Aspen Mountain from Durant Street in 1957, with Dean Street, the Skier’s Chalet, Lift One chair lift, Holland House and Norway Lodge visible.
Aspen Historical Society is grateful that the Lift One Corridor project passed and is honored to create a museum worthy of Aspen Mountain’s rich history as part of a reinvigorated and accessible base area. AHS collaborated with project stakeholders for many months on the Lift One Corridor redevelopment plan, which was approved as a single ballot question by City of Aspen voters in the general municipal election on March 5, 2019. The plan features myriad public amenities including a new park, public parking, convenient chairlift access, restoration of historical assets, and a history museum created and operated by AHS in the restored Skiers Chalet Lodge Building.
At the place where lift-served skiing began more than 80 years ago, the museum will honor the ski and snowboard history of the area and Aspen’s unique role in the origins of the sport. Adjacent to the original Lift 1 gantry and featuring treasured artifacts, moving stories, and engaging exhibits, the slopeside museum will put history front and center while serving the community as part of an activated and lively western portal. AHS appreciates this community’s history-making cacophony of diverse viewpoints and will strive to include something for everyone in celebrating its storied past. The community has voted for and approved a ski museum at the site twice before and AHS looks forward to making it a reality.
The museum planning and fundraising campaign will kick off soon, which are the next steps in the collaborative effort to create the public amenity. With the ski corridor and the lift terminus restored to their original locations, preserved historical buildings, and the museum, an exciting future lies ahead for Aspen Mountain’s historic portal. Thanks for bringing the boat tow home, Aspen!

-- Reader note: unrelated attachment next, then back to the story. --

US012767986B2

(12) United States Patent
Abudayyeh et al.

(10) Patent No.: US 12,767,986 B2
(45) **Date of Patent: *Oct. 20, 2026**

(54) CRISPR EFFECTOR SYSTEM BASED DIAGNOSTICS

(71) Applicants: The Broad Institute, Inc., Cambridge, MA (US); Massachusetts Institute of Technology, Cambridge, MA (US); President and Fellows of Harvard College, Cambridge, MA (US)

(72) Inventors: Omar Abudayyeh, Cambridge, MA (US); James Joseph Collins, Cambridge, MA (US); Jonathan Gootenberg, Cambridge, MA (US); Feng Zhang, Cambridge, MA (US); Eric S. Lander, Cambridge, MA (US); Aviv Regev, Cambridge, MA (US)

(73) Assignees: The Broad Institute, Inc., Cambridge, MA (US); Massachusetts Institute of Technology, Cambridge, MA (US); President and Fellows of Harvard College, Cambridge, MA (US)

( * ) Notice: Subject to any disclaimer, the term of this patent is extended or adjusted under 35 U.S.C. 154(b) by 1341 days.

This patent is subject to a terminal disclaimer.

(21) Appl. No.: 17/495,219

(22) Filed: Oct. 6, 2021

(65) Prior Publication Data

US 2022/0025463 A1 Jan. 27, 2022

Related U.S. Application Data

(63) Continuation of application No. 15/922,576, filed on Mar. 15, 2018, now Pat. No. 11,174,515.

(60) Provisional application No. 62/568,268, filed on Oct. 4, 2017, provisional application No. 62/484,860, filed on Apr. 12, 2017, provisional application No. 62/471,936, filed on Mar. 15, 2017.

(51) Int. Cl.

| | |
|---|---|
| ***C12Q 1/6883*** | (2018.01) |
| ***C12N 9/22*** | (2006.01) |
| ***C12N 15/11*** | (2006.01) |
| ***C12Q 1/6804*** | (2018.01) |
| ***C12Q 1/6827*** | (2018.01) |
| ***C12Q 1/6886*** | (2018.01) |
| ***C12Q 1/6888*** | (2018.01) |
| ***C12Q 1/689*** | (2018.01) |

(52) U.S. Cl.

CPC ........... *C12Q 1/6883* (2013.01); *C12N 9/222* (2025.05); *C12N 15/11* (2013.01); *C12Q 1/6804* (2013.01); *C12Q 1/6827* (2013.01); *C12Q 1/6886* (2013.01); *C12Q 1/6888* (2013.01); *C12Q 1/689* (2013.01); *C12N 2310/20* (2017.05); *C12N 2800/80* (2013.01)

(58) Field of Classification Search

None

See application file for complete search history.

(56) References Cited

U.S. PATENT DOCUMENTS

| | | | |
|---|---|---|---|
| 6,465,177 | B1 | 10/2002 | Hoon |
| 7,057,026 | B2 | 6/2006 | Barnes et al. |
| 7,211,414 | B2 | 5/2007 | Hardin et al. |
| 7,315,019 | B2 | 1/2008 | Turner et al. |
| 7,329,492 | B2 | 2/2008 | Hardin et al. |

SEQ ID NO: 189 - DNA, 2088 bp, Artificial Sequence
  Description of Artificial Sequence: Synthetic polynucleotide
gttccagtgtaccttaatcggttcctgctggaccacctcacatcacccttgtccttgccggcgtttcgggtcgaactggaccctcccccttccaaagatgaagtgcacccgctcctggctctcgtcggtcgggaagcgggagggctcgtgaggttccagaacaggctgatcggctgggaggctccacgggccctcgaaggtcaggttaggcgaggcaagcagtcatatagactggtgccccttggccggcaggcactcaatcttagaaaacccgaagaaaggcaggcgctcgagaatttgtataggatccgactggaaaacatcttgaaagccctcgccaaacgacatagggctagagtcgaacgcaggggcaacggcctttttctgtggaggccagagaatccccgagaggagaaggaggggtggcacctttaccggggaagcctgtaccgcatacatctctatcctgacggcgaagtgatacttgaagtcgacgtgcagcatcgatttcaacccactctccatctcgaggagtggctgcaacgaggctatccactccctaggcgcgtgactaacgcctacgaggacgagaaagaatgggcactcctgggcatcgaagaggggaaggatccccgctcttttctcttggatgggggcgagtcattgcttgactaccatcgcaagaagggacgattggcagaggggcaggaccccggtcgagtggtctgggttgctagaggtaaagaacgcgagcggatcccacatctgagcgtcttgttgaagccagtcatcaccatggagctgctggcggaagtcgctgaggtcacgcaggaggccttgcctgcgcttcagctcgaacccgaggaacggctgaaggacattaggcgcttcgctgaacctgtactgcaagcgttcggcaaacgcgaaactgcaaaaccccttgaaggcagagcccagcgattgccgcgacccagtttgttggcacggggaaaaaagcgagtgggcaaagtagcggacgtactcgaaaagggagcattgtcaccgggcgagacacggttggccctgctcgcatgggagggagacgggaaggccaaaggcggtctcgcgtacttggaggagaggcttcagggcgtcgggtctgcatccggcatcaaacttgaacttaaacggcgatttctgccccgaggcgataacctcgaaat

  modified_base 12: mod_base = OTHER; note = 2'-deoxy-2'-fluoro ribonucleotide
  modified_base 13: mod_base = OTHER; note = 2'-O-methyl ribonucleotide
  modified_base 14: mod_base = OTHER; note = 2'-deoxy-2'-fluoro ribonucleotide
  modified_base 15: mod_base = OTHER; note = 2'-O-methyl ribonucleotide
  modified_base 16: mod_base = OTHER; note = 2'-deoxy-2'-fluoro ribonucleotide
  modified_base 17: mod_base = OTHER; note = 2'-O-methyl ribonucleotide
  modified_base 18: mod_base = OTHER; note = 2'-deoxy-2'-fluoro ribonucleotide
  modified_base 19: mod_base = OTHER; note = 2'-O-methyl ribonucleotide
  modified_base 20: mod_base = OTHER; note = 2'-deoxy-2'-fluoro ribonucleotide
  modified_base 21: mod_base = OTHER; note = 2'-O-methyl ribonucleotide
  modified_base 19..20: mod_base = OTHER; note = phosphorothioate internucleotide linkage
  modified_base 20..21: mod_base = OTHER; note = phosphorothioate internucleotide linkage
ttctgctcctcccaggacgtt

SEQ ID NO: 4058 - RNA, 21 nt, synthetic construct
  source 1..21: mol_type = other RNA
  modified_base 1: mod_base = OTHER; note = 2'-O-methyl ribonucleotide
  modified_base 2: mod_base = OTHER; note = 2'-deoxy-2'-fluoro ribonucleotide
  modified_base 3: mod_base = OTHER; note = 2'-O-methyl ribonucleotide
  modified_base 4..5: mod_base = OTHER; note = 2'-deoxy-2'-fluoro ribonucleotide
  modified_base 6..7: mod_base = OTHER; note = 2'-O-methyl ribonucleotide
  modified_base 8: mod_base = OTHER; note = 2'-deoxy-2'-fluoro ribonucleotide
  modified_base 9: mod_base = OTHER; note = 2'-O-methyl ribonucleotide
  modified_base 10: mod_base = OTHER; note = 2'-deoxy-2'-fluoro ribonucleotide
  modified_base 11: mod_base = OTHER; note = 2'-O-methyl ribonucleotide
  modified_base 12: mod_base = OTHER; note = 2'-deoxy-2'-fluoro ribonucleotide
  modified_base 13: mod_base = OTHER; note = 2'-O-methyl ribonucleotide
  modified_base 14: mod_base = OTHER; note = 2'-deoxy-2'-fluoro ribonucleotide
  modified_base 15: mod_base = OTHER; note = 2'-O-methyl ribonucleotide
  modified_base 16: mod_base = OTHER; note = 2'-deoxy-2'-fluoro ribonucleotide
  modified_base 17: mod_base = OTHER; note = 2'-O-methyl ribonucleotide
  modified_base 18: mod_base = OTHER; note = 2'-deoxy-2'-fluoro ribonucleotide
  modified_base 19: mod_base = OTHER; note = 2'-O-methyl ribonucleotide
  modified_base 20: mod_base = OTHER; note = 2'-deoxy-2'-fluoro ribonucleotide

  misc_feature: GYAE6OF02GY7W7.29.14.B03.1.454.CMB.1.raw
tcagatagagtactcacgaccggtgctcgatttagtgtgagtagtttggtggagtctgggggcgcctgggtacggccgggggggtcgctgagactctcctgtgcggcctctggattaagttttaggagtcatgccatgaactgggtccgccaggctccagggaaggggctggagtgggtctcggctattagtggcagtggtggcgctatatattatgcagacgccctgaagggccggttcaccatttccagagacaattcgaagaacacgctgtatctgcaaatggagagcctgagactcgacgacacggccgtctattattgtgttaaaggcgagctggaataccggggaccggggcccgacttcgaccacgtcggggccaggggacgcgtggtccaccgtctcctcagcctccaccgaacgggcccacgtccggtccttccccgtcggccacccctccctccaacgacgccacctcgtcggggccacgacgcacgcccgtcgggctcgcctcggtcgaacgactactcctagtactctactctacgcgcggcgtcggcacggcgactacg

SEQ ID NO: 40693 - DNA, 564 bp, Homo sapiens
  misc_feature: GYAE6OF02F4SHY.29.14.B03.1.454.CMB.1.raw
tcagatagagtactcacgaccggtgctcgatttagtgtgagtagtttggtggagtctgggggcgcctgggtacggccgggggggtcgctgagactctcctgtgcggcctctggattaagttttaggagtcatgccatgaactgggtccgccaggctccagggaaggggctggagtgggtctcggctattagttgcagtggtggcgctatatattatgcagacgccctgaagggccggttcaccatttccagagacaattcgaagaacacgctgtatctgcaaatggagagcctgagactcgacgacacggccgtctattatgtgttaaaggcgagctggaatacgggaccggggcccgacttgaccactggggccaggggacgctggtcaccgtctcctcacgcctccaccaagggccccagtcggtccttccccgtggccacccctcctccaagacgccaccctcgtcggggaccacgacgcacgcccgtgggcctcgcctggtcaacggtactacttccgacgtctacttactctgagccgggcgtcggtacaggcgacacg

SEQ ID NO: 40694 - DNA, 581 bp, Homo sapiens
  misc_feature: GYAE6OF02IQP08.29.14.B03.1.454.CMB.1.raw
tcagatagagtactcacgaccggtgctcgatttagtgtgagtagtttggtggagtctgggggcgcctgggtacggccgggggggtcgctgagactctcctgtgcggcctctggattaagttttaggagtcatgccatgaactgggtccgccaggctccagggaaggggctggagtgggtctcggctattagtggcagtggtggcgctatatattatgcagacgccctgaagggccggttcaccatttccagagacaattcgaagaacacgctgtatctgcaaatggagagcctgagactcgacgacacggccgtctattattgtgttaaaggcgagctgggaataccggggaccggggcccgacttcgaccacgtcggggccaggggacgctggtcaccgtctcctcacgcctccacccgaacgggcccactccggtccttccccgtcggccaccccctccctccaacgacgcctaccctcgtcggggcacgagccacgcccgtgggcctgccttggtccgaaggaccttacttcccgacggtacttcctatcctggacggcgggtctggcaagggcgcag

Aspen Mountain’s western base area was home to Aspen’s first true chairlift and the site remains integral to the origins and legacy of lift-served skiing in the community and in the country. The original Lift One, combined with Lift Two, was the longest and fastest chairlift in the world when it was dedicated in 1947. In 1950, the chairlift hosted the first FIS World Championship alpine ski races ever held outside of Europe. In 1968, Aspen began a long tradition of hosting FIS World Cup races, a tradition that remained strong though 2017 when Lift 1A hosted the men’s and women’s World Cup Finals.
The museum will showcase the site itself, as well as house permanent and temporary exhibits that explore Aspen’s storied past. AHS maintains one of the largest archives in the region, with more than 11,000 artifacts, historical images and records in the Collection related to skiing and snowboarding history. The ski museum will enable AHS to display many of these treasured objects, including the original Aspen Mountain boat tow, chairs and canvas covers from the original Lift One, 10th Mountain Division artifacts, ski fashion pieces, a comprehensive collection of ski models, and much more.
The project developers are responsible for moving and renovating the Skiers Chalet Lodge building to “white box” condition. AHS will be launching a capital campaign to fund finishing its portion of the building, completing the museum and creating exhibits and programs—our obligations have not changed with respect to creating a museum in the Skiers Chalet Lodge. The City of Aspen is not contributing any funds to AHS to create the museum. AHS will be sharing the Skiers Chalet Lodge building with Aspen Skiing Company for skier services and patrol functions within the building.
Lift One Corridor website
Aspen Mountain Timeline: The Origins & Legacy of Skiing
For questions about the museum and AHS’s role in the redevelopment project, email the AHS CEO at email@example.com or call 970.925.3721